Shareholders who lost their shirts following the collapse of EM.TV five years ago could get their money back, following a ruling July 19 by Germany's supreme court.


COLOGNE, Germany (The Hollywood Reporter) -- Shareholders who lost their shirts following the collapse of EM.TV five years ago could get their money back, following a ruling July 19 by Germany's supreme court.

The court ruled that shareholders who bought into EM.TV in 2000, before the company's stock took a nosedive, might sue for compensation.

The decision overturned a prior lower court ruling that had denied shareholders any recompense.

The case centered on the actions of former EM.TV chief executive Thomas Haffa and his brother, chief financial officer Florian Haffa.

In 2000, the Haffas published shareholder ad-hoc reports that said EM.TV would meet its profit and revenue targets. In fact, EM.TV was on the brink of bankruptcy and crippled by a massive debt load. When the truth came out, EM.TV stock collapsed and shareholders lost almost all of their investment.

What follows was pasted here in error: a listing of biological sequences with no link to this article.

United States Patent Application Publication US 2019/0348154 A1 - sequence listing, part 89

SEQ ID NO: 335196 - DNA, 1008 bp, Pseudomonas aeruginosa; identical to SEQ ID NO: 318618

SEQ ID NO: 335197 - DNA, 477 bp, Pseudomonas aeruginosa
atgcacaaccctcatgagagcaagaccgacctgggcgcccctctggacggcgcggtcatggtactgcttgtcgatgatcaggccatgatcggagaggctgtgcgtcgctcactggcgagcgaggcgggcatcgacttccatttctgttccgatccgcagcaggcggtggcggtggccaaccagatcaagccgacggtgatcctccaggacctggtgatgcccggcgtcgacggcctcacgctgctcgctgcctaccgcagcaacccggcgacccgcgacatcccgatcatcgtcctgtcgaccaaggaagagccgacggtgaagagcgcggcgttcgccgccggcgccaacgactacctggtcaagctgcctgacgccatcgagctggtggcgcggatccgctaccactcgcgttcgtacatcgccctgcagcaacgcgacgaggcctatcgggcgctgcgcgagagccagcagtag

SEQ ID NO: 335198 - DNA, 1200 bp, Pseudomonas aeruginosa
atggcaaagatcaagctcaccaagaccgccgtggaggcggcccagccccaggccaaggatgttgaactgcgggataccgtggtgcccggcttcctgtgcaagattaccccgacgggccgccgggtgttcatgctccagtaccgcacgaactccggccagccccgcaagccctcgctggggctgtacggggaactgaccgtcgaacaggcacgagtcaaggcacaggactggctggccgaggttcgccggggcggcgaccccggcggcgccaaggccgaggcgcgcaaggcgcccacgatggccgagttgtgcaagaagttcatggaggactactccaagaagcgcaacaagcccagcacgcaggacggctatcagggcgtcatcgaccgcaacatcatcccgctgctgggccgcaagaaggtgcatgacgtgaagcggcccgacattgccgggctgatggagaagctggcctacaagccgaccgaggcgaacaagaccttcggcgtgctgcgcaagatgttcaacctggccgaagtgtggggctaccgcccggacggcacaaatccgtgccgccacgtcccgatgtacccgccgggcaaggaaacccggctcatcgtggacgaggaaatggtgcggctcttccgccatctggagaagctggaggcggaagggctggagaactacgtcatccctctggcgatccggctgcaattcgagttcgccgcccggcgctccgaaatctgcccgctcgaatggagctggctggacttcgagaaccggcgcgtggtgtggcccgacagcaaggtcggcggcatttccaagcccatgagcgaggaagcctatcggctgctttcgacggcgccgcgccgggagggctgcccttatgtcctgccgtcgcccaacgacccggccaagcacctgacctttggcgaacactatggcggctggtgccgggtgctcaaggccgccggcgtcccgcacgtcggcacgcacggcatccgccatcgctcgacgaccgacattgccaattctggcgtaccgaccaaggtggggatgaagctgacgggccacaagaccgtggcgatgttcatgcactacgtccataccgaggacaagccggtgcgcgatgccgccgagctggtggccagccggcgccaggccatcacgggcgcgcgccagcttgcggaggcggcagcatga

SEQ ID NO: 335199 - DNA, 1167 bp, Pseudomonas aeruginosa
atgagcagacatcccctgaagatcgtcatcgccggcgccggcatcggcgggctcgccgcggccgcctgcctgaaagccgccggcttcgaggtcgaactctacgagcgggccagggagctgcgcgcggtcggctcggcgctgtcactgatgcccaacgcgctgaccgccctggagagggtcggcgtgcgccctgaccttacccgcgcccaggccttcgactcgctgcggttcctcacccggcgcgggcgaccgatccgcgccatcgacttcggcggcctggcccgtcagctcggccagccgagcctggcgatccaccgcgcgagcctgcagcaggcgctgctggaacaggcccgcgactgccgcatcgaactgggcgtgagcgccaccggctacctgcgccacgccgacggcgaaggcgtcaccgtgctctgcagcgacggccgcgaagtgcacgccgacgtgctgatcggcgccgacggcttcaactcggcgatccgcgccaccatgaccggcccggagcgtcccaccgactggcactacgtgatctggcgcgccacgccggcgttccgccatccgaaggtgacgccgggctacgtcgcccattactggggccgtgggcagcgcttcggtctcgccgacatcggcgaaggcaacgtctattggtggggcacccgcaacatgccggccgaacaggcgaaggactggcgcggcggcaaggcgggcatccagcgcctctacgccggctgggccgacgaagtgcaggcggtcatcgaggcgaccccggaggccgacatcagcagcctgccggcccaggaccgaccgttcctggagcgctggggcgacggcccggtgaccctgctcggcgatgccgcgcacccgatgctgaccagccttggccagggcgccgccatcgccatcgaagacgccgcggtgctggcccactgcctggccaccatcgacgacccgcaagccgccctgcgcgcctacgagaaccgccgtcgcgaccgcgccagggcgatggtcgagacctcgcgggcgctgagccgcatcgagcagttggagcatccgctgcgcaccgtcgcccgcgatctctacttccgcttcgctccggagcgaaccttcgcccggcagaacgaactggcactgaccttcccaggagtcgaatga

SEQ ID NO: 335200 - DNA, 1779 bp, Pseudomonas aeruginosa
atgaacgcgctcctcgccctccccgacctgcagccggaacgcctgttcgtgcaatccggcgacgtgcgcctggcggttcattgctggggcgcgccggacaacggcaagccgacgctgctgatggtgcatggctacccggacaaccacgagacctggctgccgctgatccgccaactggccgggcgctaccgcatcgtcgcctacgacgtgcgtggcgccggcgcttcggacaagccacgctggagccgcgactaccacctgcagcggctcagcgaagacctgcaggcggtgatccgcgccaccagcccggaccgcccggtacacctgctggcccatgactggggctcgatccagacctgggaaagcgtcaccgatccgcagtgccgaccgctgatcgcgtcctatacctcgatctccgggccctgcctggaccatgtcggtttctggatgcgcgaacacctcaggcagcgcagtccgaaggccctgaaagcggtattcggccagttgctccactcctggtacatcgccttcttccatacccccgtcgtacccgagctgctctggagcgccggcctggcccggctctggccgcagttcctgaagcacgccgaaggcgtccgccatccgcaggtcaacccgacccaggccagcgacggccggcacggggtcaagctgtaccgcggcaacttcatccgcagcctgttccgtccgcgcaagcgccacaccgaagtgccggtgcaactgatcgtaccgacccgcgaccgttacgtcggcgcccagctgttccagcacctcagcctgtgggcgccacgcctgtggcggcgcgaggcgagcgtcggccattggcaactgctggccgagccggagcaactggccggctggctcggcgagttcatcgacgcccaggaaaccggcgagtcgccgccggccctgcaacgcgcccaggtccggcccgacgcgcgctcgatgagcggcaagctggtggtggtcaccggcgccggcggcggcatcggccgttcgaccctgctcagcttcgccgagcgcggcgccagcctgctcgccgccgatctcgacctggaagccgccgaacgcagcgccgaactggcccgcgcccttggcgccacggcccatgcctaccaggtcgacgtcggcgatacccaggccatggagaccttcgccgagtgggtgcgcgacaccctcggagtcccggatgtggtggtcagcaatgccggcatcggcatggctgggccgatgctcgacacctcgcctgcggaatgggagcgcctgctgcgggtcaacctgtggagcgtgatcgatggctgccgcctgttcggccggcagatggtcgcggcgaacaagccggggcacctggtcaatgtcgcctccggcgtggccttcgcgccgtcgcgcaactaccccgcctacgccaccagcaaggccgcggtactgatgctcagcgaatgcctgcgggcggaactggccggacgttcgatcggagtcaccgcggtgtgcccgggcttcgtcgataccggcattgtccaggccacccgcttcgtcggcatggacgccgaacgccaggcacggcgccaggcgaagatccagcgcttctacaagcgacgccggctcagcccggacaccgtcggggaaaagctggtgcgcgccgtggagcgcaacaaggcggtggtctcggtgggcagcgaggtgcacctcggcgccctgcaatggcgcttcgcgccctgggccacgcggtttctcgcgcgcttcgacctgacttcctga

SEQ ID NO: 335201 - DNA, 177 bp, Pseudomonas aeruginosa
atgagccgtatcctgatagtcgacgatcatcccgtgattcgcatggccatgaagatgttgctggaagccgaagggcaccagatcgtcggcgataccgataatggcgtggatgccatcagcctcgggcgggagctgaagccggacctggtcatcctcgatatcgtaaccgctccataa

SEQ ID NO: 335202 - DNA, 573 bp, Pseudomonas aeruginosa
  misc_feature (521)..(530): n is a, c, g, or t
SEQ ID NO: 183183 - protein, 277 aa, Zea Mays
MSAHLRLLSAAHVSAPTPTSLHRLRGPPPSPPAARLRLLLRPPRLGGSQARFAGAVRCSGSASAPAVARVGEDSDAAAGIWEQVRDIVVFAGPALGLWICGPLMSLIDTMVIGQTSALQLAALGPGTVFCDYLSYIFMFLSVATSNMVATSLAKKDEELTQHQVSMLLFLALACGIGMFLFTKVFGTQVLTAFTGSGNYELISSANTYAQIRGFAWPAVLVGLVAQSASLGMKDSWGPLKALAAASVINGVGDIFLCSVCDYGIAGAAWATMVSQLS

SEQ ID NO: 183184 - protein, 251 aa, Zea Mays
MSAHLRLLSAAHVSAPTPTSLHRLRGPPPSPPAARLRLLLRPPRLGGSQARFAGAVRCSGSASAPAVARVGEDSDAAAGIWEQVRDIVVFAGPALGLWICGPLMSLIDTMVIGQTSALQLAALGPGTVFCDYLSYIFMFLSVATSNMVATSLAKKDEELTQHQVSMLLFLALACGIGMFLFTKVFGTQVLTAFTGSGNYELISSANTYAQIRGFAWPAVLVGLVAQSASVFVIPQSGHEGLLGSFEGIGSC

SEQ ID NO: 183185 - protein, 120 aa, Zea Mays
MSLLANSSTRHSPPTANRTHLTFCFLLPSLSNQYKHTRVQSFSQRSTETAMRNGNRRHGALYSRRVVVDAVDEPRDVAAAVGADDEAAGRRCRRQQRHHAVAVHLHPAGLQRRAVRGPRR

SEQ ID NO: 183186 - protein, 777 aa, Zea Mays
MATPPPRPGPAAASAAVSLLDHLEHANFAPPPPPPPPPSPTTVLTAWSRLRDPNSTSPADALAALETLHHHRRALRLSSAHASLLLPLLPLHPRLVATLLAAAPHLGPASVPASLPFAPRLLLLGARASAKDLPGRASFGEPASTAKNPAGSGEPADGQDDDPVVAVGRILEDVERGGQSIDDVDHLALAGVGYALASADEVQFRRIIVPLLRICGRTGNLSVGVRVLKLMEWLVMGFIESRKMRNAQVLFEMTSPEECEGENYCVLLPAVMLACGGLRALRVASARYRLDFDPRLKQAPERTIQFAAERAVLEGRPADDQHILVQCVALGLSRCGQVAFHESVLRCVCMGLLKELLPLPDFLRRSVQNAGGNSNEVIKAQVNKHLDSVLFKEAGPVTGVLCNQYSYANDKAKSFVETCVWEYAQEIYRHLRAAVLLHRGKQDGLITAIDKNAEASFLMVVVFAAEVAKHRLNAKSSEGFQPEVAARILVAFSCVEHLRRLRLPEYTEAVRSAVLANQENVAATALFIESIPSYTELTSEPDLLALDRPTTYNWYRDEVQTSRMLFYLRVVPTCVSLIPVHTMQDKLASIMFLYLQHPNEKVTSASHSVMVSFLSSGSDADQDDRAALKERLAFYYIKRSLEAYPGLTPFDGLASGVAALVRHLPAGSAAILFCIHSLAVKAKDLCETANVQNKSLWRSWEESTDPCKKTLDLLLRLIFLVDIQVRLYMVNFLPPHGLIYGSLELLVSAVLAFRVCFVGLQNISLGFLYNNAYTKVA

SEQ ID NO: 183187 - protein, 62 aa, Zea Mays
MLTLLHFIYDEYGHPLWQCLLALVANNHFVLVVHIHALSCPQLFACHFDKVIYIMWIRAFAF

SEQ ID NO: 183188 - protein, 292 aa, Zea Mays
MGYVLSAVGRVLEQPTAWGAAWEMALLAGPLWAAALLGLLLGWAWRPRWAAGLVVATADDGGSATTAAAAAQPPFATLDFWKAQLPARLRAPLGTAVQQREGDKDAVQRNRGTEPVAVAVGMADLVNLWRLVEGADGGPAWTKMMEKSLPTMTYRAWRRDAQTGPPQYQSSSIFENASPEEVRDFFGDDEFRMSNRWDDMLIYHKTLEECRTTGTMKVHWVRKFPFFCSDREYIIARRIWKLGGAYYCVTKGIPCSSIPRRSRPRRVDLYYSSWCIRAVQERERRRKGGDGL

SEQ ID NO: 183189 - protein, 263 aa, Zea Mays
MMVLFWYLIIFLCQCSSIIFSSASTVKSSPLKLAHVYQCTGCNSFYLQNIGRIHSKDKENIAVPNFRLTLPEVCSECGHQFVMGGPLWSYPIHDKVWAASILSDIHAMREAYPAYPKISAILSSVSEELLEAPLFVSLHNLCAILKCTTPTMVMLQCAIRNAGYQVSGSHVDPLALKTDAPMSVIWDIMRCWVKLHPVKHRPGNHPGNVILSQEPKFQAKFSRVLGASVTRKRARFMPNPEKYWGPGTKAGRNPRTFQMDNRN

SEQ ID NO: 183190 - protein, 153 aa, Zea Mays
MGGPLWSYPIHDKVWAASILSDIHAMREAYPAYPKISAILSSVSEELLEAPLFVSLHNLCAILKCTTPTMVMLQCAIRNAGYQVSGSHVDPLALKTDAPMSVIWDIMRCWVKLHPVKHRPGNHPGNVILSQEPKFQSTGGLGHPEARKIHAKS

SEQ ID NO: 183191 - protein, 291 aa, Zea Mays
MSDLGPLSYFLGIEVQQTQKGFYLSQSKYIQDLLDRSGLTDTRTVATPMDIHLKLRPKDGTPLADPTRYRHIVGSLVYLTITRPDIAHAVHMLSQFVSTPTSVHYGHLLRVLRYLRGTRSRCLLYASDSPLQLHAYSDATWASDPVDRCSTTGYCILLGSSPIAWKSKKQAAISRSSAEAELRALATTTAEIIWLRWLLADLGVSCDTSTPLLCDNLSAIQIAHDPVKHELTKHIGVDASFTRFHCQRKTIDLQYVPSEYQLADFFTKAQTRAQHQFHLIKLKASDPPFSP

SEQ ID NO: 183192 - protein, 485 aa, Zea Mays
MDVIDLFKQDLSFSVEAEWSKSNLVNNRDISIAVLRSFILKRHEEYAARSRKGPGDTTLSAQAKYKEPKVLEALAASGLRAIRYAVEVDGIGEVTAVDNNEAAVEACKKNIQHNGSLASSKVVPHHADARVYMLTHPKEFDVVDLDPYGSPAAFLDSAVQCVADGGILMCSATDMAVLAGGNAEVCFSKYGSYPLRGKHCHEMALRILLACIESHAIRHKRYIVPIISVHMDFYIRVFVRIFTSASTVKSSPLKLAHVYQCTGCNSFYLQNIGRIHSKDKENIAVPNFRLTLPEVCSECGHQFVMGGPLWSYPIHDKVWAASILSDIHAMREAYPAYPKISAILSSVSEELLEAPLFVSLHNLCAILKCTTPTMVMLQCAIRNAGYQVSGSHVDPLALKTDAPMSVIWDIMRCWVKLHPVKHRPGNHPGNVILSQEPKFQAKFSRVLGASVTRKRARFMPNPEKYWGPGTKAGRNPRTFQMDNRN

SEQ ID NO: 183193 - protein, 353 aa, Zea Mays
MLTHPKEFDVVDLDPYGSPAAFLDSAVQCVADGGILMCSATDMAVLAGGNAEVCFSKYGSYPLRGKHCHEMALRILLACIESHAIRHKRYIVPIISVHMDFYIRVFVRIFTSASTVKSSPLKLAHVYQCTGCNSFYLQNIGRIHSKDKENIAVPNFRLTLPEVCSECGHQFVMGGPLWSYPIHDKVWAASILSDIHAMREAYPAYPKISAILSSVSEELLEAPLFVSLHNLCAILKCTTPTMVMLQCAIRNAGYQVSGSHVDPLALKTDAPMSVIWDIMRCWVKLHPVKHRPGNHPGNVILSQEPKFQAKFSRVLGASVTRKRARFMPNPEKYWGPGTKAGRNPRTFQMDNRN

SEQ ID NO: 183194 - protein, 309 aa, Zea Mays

Under the ruling, shareholders who bought into EM.TV beginning in March 2000 might be eligible for compensation. If a shareholder can prove he purchased EM.TV stock as a result of the false ad-hoc claims, EM.TV must repay the full initial purchase value of those shares.

Shareholders who sold off EM.TV stock following the collapse might apply for compensation for the difference between their purchase price and the devalued share price.

EM.TV stock fell 1.8% to €5.89 ($7.06) on July 19 following the ruling. But EM.TV downplayed the news, saying it did not expect a flood of compensation claims.

"The (Supreme Court) will have to decide in each individual case, whether compensation is appropriate," EM.TV said in a statement. "In particular, the causality between the (false) ad-hoc reports and the investors' decision (to purchase EM.TV shares) must be proven by the claimant."

According to press reports, there are 42 small shareholders in total who potentially qualify for compensation under the ruling.

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